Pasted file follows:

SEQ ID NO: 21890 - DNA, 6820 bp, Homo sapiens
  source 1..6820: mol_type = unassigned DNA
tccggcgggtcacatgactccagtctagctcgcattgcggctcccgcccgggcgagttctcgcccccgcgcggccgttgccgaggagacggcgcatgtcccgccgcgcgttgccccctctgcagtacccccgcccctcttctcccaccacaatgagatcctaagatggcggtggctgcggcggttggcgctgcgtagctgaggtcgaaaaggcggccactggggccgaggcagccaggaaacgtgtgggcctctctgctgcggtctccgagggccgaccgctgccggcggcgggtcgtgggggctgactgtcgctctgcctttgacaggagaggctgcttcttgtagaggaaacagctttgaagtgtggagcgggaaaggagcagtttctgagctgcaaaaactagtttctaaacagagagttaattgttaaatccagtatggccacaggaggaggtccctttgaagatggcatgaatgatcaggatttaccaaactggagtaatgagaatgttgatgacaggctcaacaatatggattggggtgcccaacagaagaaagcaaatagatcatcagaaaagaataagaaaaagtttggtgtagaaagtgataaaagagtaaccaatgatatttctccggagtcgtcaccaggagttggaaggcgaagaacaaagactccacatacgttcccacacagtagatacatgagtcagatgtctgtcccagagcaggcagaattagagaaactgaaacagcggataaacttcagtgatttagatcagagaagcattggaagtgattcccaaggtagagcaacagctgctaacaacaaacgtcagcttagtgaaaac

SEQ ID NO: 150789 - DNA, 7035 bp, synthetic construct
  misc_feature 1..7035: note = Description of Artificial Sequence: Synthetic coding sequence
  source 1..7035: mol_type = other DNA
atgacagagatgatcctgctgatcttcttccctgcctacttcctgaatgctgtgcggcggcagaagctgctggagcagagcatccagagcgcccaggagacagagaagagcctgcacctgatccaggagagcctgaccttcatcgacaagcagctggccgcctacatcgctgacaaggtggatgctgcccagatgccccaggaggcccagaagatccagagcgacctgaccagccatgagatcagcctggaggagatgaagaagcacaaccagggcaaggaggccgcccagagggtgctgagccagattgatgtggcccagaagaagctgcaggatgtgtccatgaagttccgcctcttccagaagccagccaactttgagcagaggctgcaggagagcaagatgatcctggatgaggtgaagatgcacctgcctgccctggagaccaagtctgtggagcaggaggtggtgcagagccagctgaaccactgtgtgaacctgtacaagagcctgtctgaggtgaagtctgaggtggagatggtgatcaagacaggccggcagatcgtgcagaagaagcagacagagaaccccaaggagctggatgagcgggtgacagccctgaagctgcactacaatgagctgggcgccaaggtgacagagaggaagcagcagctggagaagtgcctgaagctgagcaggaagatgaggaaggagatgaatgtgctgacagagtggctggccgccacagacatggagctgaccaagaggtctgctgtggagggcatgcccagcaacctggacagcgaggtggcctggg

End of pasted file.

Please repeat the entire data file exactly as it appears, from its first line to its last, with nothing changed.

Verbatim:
SEQ ID NO: 21890 - DNA, 6820 bp, Homo sapiens
  source 1..6820: mol_type = unassigned DNA
tccggcgggtcacatgactccagtctagctcgcattgcggctcccgcccgggcgagttctcgcccccgcgcggccgttgccgaggagacggcgcatgtcccgccgcgcgttgccccctctgcagtacccccgcccctcttctcccaccacaatgagatcctaagatggcggtggctgcggcggttggcgctgcgtagctgaggtcgaaaaggcggccactggggccgaggcagccaggaaacgtgtgggcctctctgctgcggtctccgagggccgaccgctgccggcggcgggtcgtgggggctgactgtcgctctgcctttgacaggagaggctgcttcttgtagaggaaacagctttgaagtgtggagcgggaaaggagcagtttctgagctgcaaaaactagtttctaaacagagagttaattgttaaatccagtatggccacaggaggaggtccctttgaagatggcatgaatgatcaggatttaccaaactggagtaatgagaatgttgatgacaggctcaacaatatggattggggtgcccaacagaagaaagcaaatagatcatcagaaaagaataagaaaaagtttggtgtagaaagtgataaaagagtaaccaatgatatttctccggagtcgtcaccaggagttggaaggcgaagaacaaagactccacatacgttcccacacagtagatacatgagtcagatgtctgtcccagagcaggcagaattagagaaactgaaacagcggataaacttcagtgatttagatcagagaagcattggaagtgattcccaaggtagagcaacagctgctaacaacaaacgtcagcttagtgaaaac

SEQ ID NO: 150789 - DNA, 7035 bp, synthetic construct
  misc_feature 1..7035: note = Description of Artificial Sequence: Synthetic coding sequence
  source 1..7035: mol_type = other DNA
atgacagagatgatcctgctgatcttcttccctgcctacttcctgaatgctgtgcggcggcagaagctgctggagcagagcatccagagcgcccaggagacagagaagagcctgcacctgatccaggagagcctgaccttcatcgacaagcagctggccgcctacatcgctgacaaggtggatgctgcccagatgccccaggaggcccagaagatccagagcgacctgaccagccatgagatcagcctggaggagatgaagaagcacaaccagggcaaggaggccgcccagagggtgctgagccagattgatgtggcccagaagaagctgcaggatgtgtccatgaagttccgcctcttccagaagccagccaactttgagcagaggctgcaggagagcaagatgatcctggatgaggtgaagatgcacctgcctgccctggagaccaagtctgtggagcaggaggtggtgcagagccagctgaaccactgtgtgaacctgtacaagagcctgtctgaggtgaagtctgaggtggagatggtgatcaagacaggccggcagatcgtgcagaagaagcagacagagaaccccaaggagctggatgagcgggtgacagccctgaagctgcactacaatgagctgggcgccaaggtgacagagaggaagcagcagctggagaagtgcctgaagctgagcaggaagatgaggaaggagatgaatgtgctgacagagtggctggccgccacagacatggagctgaccaagaggtctgctgtggagggcatgcccagcaacctggacagcgaggtggcctggg